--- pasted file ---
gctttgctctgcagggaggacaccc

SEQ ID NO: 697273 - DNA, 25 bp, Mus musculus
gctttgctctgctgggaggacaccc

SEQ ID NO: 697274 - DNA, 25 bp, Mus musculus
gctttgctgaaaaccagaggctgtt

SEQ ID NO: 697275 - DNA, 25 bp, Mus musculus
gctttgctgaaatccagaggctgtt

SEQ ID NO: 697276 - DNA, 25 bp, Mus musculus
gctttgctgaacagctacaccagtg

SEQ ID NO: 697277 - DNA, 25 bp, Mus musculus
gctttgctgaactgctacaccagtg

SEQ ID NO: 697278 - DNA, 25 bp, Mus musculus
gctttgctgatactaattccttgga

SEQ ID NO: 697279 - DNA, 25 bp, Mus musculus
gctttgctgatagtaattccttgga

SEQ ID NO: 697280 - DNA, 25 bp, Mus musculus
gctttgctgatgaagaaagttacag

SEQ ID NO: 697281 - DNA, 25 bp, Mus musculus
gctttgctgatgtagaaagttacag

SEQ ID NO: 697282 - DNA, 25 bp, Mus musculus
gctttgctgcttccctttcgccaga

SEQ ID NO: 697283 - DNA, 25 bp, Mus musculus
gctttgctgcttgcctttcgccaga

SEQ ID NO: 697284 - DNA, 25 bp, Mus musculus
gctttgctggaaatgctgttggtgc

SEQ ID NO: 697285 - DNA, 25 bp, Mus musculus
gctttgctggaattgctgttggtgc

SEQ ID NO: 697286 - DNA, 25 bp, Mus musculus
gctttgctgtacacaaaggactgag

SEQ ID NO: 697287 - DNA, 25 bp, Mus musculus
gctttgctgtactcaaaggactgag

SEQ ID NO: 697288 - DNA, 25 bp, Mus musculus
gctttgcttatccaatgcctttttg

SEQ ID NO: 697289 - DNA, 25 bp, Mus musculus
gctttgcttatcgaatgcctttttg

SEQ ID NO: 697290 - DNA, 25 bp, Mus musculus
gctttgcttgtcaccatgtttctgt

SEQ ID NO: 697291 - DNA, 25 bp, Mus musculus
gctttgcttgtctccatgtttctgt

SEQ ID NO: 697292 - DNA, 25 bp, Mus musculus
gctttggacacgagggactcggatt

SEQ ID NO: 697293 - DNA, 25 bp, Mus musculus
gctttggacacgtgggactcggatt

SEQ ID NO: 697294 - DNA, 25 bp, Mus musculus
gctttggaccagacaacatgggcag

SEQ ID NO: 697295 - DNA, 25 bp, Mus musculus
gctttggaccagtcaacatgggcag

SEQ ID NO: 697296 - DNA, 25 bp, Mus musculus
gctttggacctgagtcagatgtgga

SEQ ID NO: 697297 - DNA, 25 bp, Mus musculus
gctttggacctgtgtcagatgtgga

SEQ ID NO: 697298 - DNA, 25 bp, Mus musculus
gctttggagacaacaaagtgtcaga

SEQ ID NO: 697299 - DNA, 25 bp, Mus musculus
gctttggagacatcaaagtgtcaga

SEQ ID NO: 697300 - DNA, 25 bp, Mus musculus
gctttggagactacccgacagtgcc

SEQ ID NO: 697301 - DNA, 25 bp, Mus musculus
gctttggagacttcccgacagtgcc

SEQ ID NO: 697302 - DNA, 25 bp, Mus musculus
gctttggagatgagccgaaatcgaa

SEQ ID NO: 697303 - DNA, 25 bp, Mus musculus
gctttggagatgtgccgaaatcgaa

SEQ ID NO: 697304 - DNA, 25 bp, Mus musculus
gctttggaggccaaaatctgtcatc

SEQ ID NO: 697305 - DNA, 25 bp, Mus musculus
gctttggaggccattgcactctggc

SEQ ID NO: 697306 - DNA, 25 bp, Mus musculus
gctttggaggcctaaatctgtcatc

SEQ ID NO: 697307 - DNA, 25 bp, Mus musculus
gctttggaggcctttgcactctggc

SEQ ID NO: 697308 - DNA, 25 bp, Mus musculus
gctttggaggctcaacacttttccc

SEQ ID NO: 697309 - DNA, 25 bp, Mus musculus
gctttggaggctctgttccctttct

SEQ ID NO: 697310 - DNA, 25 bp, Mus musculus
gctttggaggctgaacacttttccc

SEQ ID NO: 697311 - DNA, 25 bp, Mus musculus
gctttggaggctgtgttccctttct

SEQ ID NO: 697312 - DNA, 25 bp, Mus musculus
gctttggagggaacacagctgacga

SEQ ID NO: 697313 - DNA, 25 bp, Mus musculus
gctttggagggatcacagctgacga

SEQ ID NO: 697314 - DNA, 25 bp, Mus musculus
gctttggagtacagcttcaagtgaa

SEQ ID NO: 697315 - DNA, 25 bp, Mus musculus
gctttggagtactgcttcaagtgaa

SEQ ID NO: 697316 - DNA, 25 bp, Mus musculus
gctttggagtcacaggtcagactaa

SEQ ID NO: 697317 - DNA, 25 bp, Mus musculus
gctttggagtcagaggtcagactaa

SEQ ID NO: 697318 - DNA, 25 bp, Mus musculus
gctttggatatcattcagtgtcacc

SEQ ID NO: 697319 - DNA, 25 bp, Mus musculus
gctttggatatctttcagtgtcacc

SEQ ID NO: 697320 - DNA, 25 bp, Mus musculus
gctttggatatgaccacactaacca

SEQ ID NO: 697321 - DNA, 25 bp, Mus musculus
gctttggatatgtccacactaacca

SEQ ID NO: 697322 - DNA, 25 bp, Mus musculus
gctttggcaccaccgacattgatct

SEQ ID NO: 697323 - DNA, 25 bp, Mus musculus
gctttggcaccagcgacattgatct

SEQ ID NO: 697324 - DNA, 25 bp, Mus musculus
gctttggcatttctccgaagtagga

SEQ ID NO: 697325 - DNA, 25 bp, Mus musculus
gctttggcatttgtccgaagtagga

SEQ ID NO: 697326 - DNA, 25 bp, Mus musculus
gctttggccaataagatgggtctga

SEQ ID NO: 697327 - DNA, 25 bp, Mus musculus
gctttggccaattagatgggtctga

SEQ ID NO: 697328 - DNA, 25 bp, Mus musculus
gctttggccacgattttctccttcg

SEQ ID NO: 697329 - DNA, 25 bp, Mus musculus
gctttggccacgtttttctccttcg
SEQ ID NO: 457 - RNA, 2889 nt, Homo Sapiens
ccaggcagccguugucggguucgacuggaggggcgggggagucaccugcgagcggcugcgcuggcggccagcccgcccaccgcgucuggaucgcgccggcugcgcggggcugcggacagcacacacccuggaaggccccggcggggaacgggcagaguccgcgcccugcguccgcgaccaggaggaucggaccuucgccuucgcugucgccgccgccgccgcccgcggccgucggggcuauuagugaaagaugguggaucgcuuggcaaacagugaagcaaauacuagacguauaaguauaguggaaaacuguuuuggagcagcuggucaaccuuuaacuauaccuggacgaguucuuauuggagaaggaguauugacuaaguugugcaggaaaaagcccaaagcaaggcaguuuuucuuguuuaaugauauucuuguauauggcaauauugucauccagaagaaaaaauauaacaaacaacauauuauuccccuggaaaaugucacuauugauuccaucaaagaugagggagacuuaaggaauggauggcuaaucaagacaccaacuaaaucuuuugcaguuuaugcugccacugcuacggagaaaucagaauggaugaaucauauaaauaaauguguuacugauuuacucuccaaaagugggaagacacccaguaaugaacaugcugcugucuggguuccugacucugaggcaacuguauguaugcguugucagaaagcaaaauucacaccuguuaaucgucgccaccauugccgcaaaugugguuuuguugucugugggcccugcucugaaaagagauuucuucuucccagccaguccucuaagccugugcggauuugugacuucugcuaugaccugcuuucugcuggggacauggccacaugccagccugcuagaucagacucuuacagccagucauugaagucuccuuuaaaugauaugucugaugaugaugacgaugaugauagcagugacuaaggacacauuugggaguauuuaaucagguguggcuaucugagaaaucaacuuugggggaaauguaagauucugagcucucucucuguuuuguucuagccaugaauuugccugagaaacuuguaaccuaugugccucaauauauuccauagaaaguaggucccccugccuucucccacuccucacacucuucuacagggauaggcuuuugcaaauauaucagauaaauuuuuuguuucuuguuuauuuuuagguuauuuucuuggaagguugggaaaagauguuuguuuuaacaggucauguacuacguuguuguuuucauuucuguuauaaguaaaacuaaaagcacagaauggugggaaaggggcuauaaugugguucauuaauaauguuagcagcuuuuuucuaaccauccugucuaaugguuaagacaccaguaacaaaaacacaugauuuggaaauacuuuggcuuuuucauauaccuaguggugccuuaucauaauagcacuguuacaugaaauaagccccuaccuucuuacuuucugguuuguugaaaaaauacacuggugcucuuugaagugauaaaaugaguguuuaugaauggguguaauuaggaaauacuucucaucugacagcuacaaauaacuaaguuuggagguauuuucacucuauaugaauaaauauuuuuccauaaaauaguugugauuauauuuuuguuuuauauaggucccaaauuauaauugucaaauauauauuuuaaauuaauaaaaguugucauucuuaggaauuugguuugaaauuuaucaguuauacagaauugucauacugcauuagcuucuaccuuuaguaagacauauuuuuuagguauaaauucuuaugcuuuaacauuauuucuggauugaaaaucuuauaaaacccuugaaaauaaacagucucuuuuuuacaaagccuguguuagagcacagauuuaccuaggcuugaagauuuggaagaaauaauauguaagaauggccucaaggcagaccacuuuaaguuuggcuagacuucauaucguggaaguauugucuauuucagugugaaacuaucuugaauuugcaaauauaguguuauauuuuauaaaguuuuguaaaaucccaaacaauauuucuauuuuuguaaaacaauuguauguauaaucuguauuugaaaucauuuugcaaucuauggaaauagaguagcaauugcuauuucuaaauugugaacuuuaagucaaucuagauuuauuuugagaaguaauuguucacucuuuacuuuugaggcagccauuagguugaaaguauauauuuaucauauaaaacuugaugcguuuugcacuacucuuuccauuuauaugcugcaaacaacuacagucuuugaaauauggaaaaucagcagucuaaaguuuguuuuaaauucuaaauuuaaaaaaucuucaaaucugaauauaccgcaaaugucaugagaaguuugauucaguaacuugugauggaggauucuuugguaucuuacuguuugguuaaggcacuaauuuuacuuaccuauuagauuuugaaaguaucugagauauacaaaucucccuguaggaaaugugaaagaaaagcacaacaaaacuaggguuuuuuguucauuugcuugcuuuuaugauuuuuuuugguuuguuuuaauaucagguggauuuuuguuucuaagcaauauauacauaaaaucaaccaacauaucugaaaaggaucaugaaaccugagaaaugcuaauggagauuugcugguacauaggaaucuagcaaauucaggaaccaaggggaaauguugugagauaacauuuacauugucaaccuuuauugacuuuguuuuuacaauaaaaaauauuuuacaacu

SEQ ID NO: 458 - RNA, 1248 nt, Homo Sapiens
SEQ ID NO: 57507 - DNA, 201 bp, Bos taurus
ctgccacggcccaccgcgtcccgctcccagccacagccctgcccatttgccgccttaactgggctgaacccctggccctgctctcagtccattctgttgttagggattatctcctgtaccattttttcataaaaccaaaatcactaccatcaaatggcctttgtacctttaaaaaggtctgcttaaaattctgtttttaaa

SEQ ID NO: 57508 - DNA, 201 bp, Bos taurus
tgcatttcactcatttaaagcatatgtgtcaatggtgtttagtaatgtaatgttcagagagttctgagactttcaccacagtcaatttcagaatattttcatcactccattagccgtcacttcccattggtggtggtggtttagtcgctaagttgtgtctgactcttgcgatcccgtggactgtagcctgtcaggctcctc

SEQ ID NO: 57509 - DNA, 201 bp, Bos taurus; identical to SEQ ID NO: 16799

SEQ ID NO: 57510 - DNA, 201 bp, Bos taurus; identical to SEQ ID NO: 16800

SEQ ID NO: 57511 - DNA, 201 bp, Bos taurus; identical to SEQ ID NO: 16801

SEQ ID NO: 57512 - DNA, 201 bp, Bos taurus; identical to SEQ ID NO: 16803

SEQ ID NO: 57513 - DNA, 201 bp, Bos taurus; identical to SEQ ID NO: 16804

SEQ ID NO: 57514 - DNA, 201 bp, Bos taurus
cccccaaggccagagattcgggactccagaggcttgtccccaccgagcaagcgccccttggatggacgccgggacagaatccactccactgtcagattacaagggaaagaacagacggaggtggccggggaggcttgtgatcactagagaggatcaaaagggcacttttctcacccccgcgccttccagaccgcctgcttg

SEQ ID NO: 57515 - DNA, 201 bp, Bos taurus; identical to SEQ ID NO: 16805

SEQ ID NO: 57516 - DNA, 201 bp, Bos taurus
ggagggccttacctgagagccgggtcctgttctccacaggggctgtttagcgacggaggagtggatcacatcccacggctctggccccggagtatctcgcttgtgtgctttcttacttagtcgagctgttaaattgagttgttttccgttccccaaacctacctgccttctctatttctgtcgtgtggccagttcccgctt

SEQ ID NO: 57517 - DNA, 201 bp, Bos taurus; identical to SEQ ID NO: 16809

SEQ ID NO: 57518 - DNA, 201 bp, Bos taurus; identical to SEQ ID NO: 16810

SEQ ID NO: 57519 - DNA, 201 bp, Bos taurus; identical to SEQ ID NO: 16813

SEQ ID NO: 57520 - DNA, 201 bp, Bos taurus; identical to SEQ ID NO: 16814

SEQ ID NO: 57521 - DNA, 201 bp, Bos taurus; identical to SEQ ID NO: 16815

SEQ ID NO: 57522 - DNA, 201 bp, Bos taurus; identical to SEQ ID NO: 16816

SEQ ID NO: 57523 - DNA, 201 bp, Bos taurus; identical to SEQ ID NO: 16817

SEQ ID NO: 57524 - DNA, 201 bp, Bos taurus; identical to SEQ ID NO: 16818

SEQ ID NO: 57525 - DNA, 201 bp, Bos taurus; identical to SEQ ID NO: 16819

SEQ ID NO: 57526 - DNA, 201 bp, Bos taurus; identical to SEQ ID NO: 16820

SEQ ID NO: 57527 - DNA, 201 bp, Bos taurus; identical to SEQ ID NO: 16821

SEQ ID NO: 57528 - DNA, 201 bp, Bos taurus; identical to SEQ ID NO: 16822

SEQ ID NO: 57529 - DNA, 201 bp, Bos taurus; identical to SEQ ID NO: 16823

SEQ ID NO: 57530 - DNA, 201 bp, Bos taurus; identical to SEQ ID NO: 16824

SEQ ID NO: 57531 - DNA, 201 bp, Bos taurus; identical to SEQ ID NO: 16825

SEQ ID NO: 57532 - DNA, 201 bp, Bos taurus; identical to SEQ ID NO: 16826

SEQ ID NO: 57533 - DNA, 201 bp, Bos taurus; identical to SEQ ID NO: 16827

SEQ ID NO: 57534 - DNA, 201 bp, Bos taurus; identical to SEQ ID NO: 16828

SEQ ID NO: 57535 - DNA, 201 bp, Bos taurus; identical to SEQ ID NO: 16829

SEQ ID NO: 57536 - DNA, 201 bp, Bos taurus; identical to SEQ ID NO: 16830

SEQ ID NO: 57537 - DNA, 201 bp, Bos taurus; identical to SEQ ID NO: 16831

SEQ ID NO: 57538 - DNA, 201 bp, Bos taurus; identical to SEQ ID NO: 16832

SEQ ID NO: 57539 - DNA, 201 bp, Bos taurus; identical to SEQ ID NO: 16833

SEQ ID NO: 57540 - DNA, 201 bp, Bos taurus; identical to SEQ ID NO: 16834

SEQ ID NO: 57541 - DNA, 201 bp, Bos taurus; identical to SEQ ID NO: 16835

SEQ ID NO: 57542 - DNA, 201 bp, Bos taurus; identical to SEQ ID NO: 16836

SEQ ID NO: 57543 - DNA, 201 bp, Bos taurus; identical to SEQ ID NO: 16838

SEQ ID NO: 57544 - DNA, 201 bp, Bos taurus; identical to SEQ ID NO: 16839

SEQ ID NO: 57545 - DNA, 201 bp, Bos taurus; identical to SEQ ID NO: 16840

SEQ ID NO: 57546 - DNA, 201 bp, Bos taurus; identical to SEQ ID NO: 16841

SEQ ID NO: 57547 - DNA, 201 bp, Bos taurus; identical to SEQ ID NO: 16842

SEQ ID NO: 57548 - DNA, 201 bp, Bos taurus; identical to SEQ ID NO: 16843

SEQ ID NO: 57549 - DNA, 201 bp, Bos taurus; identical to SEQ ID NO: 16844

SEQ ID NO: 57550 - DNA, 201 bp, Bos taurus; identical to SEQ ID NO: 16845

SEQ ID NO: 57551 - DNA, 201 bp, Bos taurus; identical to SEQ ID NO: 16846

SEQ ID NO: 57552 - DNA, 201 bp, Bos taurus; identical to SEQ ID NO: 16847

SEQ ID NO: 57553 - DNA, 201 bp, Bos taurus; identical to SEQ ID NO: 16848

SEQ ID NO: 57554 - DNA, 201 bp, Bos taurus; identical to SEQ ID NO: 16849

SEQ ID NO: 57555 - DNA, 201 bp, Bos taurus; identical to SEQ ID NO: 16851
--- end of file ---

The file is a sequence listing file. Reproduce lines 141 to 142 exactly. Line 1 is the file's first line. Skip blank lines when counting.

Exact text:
SEQ ID NO: 57525 - DNA, 201 bp, Bos taurus; identical to SEQ ID NO: 16819

SEQ ID NO: 57526 - DNA, 201 bp, Bos taurus; identical to SEQ ID NO: 16820